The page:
Mayor Lee, ever bullish on NLV’s future, sidesteps issue of staff turmoil


Steve Marcus

North Las Vegas Mayor John Lee holds building plans for a yet-undisclosed project during the State of the City address at Texas Station in North Las Vegas Thursday, Jan. 18, 2018.

Fri, Jan 19, 2018 (2 a.m.)

During his State of the City address Thursday, North Las Vegas Mayor John Lee told a story that involved plumbing, a shovel and an F-word that gets tossed around these days in city hall.

No, not that F-word. In this case, as Lee explained, it’s Faraday, as in Faraday Future, the Chinese car manufacturer whose plans to build a massive production plant in North Las Vegas went off the rails in mid-2017.

Discussing how he reacted to the news that Faraday had abandoned its plans, Lee recalled his background in the plumbing business, where he started out digging trenches. At times, he said, he would think he was done digging only to be told that the hole wasn’t deep enough or hadn’t been sloped correctly to allow for proper drainage.

“So I would grab my little shovel, jump back down there and get right back to work,” he said.

When Faraday fizzled, he said, he took the same approach — only this time yanking the ceremonial shovel from the plant’s groundbreaking ceremony off his office wall before going to back work on bringing other businesses to the city.

“We’d done it once, let’s do it again,” he said.

On Thursday, his speech largely focused on a message that despite the disappointment over Faraday, economic development in North Las Vegas was booming. In the past two years, he said, more than 50 million square feet of housing, commercial and industrial development had either been completed or was underway in the city.

And there’s more to come, he said, including a “game-changing” project for which he had a prop — a rolled-up bunch of papers that he said were building plans for the venture. Lee said he’d signed a nondisclosure agreement and therefore couldn’t discuss details of the development, but he told his audience at Texas Station they’d be hearing about it soon.

Asked afterward if he was confident it would come through, he said, “We don’t stand up in front of 700 people and make false claims.”

That line might have kindled memories, however. Asked after his State of the City address last year to speak to reports that the Faraday deal was falling apart and the plant was likely to be scrapped, Lee said, “I can tell you right now: This will be built.”

So stay tuned on the new project, but don’t knock Lee for standing still or giving up.

North Las Vegas has made remarkable progress since he was elected mayor in 2013, and Lee rattled off a number of reasons Thursday to think the growth will continue. Among them: Nellis Air Force Base will be doubling in size over the next two years with the addition of two new air wings; the city is making infrastructure improvements to Apex Industrial Park and around the Las Vegas Motor Speedway to attract businesses; and the city has approved construction of thousands of homes.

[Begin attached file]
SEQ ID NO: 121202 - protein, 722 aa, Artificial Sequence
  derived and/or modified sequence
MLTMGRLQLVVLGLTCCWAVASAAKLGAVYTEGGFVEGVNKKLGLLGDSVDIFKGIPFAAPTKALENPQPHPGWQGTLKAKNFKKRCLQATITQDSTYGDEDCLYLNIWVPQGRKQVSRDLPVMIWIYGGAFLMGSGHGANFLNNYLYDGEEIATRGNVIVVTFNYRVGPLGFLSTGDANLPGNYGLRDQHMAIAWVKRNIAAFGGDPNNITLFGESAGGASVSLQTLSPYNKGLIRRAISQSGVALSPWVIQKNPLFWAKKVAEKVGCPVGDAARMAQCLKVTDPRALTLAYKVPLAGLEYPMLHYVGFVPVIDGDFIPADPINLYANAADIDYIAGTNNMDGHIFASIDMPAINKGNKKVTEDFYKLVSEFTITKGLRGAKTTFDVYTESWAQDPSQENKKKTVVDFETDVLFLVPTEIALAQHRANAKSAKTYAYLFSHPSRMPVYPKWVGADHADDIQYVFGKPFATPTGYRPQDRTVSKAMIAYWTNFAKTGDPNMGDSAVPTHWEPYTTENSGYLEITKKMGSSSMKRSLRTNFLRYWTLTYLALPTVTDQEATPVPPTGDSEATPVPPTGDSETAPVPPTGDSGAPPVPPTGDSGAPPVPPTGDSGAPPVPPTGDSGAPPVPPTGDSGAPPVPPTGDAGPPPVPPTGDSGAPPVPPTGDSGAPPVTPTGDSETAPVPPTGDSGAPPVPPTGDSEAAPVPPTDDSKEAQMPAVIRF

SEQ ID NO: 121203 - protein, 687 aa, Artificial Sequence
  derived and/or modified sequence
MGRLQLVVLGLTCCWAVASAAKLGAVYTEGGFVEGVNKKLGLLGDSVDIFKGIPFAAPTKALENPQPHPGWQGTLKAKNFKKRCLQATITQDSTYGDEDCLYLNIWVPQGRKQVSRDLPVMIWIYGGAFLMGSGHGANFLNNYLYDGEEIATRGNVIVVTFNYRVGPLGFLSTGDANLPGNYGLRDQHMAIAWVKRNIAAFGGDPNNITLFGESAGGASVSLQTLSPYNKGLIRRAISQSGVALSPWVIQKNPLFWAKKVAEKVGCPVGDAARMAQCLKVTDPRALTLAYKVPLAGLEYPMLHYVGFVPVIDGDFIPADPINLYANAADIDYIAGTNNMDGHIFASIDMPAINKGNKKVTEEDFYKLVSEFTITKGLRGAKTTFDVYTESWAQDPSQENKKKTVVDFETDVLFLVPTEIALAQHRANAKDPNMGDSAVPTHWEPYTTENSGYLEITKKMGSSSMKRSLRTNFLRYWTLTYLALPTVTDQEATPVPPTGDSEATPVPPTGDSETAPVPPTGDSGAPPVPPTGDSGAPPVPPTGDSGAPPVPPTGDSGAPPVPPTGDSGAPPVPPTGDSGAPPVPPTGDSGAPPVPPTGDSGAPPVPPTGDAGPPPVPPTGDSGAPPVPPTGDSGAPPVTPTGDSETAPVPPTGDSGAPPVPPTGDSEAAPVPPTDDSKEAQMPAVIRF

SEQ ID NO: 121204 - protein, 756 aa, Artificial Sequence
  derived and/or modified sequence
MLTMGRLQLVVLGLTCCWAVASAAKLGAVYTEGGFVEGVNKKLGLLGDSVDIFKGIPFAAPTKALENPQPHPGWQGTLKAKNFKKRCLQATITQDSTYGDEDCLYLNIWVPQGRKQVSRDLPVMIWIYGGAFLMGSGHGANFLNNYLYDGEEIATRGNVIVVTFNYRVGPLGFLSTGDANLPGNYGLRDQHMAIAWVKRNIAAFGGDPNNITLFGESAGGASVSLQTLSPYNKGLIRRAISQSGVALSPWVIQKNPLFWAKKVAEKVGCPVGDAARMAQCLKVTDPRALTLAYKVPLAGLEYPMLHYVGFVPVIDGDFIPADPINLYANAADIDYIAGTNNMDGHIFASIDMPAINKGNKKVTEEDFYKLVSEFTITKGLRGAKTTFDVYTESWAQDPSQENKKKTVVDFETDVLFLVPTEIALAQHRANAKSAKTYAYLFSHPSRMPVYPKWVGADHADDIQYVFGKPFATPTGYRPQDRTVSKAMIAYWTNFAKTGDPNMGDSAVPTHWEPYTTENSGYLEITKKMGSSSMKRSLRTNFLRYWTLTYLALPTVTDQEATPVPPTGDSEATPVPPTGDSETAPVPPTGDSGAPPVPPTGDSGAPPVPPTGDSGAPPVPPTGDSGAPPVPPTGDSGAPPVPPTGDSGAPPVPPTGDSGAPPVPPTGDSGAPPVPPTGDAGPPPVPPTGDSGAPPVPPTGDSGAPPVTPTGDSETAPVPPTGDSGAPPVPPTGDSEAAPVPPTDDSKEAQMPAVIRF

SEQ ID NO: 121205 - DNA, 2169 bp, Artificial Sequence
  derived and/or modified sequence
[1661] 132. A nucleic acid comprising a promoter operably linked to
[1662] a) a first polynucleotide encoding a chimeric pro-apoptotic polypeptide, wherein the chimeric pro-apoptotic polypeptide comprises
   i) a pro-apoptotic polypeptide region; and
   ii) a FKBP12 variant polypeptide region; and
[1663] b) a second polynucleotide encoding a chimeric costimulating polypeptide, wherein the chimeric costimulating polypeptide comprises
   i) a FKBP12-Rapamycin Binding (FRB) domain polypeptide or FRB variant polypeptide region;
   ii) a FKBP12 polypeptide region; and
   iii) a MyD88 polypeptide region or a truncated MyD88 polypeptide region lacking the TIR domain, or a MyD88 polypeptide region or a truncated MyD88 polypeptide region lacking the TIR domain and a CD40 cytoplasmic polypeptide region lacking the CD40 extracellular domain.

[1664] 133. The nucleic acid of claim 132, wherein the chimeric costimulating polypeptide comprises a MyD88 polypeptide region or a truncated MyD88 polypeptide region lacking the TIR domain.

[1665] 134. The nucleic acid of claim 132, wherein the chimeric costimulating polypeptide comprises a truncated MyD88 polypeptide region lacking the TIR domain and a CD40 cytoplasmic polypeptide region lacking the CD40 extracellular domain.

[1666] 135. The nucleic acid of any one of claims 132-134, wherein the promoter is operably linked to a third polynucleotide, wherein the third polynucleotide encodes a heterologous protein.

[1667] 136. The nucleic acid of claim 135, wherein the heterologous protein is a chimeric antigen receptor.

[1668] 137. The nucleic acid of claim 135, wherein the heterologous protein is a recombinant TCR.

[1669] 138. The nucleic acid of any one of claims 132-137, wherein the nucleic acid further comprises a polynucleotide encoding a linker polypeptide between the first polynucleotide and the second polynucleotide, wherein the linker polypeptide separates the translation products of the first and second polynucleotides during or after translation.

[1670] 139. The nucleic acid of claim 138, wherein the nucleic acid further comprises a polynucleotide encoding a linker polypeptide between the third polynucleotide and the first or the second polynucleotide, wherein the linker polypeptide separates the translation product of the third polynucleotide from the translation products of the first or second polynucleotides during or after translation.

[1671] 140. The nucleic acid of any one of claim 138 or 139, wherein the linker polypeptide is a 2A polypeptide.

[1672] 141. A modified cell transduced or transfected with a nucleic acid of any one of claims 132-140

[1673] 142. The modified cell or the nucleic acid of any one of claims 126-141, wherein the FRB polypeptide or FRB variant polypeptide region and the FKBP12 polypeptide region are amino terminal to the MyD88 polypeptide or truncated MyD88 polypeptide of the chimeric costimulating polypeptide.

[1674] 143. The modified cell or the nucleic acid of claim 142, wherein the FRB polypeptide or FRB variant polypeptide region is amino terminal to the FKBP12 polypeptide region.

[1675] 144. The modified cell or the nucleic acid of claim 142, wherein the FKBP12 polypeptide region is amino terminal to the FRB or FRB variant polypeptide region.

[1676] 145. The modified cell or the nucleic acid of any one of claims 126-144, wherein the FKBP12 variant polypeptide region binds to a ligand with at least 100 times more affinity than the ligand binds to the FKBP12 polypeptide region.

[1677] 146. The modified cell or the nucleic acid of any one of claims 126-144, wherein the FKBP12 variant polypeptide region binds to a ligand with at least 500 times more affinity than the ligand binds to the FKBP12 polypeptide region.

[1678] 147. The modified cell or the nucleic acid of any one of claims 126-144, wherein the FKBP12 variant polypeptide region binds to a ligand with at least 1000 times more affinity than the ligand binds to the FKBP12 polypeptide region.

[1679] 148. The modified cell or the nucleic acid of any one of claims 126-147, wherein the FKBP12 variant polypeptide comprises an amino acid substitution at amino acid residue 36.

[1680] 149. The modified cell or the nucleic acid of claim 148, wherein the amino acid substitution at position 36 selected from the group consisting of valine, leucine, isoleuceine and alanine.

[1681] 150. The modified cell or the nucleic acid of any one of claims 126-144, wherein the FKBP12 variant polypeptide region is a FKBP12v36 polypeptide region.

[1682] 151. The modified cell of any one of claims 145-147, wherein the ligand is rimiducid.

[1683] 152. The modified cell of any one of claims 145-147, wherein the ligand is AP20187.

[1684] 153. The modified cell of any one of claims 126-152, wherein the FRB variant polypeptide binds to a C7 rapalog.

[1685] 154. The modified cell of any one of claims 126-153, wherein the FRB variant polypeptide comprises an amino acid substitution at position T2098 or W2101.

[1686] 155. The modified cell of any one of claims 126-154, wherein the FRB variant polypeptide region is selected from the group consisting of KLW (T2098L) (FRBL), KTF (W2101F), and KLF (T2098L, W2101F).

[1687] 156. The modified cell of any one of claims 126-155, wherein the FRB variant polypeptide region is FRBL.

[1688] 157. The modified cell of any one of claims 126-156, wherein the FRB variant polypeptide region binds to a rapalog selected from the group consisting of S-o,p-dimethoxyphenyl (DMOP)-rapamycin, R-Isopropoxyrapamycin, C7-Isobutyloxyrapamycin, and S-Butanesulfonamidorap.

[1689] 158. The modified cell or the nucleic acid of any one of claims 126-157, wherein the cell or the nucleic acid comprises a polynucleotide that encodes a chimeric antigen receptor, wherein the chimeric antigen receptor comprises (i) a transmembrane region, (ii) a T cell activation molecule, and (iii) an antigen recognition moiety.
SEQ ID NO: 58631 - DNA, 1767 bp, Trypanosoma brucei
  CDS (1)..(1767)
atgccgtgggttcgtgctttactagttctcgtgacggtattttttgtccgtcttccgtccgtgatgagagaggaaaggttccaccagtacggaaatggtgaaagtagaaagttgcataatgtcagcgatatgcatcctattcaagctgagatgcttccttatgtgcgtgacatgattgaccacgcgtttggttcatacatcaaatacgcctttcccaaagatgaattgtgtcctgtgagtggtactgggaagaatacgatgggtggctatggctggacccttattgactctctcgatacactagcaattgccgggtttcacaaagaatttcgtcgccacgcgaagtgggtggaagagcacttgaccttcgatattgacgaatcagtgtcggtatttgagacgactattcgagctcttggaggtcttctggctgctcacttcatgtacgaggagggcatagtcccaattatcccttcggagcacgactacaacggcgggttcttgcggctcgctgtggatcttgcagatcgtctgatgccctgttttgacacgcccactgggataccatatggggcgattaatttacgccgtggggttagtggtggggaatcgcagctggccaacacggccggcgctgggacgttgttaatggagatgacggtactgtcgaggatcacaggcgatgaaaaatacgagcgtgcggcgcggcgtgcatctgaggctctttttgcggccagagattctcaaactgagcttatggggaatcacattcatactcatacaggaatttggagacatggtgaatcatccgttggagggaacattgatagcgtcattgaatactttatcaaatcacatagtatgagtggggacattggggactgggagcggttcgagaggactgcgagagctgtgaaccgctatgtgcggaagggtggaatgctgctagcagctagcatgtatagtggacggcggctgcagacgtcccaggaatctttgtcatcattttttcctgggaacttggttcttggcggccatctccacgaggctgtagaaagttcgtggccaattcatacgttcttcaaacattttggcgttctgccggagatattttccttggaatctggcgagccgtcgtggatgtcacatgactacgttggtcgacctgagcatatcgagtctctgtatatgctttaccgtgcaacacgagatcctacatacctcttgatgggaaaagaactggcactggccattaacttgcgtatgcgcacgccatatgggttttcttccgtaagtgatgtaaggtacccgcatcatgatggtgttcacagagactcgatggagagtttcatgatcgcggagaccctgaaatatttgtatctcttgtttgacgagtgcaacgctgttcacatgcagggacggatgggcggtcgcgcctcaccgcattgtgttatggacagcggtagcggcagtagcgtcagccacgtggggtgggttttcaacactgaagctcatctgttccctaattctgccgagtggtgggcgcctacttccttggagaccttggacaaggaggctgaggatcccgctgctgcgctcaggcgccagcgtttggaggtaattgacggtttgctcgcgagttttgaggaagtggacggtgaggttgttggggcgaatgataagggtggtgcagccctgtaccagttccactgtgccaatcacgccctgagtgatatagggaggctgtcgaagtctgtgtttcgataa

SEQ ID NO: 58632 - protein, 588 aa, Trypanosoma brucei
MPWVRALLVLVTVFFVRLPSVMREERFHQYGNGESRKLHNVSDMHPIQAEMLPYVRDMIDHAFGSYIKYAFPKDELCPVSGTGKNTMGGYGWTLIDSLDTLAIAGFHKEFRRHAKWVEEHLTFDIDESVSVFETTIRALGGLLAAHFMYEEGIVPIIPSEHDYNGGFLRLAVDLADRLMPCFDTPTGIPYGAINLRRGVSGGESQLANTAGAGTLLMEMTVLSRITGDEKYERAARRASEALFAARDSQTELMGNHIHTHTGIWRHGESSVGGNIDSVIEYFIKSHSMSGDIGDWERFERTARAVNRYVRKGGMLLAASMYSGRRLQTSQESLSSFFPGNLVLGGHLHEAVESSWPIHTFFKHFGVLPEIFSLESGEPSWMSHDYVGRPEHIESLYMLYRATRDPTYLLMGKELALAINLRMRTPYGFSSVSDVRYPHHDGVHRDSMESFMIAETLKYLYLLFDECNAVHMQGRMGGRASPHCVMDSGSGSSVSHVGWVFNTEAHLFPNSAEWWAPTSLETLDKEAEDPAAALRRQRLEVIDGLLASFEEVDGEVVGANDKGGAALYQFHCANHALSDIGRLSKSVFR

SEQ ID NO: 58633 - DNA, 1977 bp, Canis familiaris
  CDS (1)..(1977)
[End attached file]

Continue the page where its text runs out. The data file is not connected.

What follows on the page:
“We’ve got two speeds here in this city: fast and faster,” he said.

One critical factor in North Las Vegas’ future wasn’t part of Lee’s speech, though, and that was the recent turmoil in the city management team. In the days leading up to Lee’s address, City Manager Qiong Liu left the job after she terminated Assistant City Manager Ryann Juden, who previously had served as the mayor’s chief of staff and had worked on his campaign, after a series of disagreements about infrastructure improvements for Apex. Liu reversed her decision on Juden before leaving the job, and on Wednesday Juden was named interim city manager.

If North Las Vegas were to take the “fast and faster” approach, it would likely name Juden as Liu’s successor and move on. Juden has little background city administration, but he’s a bright guy — a law school graduate who helped create and implement the North Las Vegas turnaround plan. He’s connected with other innovative thinkers in the community, and his status as municipal government outsider might be a strength in a city that has aimed at reducing bureaucracy in order to spur business development.

On the other hand, there are reasons for the city to take the traditional approach and conduct a nationwide search for Liu’s successor. Chiefly, Lee has taken heat over the situation, with critics contending he shoved out Liu to make way for Juden.

That narrative has holes in it, including that Liu apparently never expressed discontent with Juden before firing him, and actually gave him excellent marks on his evaluations. Things got more curious when Liu, after firing Juden, sent council members a scathing memo about him — an approach that human resources managers would generally not recommend. Barring blatant misconduct like committing a crime, termination usually occurs after a series of warnings that provide the employer with a record of accountability to guard against any legal actions the fired employee might file.

But Liu said she had given Juden good evaluations out of deference to Lee, which helped fuel speculation that Lee had strong-armed her.

That being the case, it may be in the city’s best interests to go through an extensive and transparent search. Juden could certainly be a candidate in the search, so the city would seemingly have little to lose.

Asked after his speech whether that would be the city’s approach, Lee deflected the question, saying he wanted to focus on the address and not the manager position.

“We’ll be meeting as a council in the future on that,” he said. “We’re very satisfied that the city’s moving forward.”

So again, stay tuned. There’s some digging left to be done in North Las Vegas.

Editor’s note: This story has been revised to clarify details about Liu’s departure from the city.

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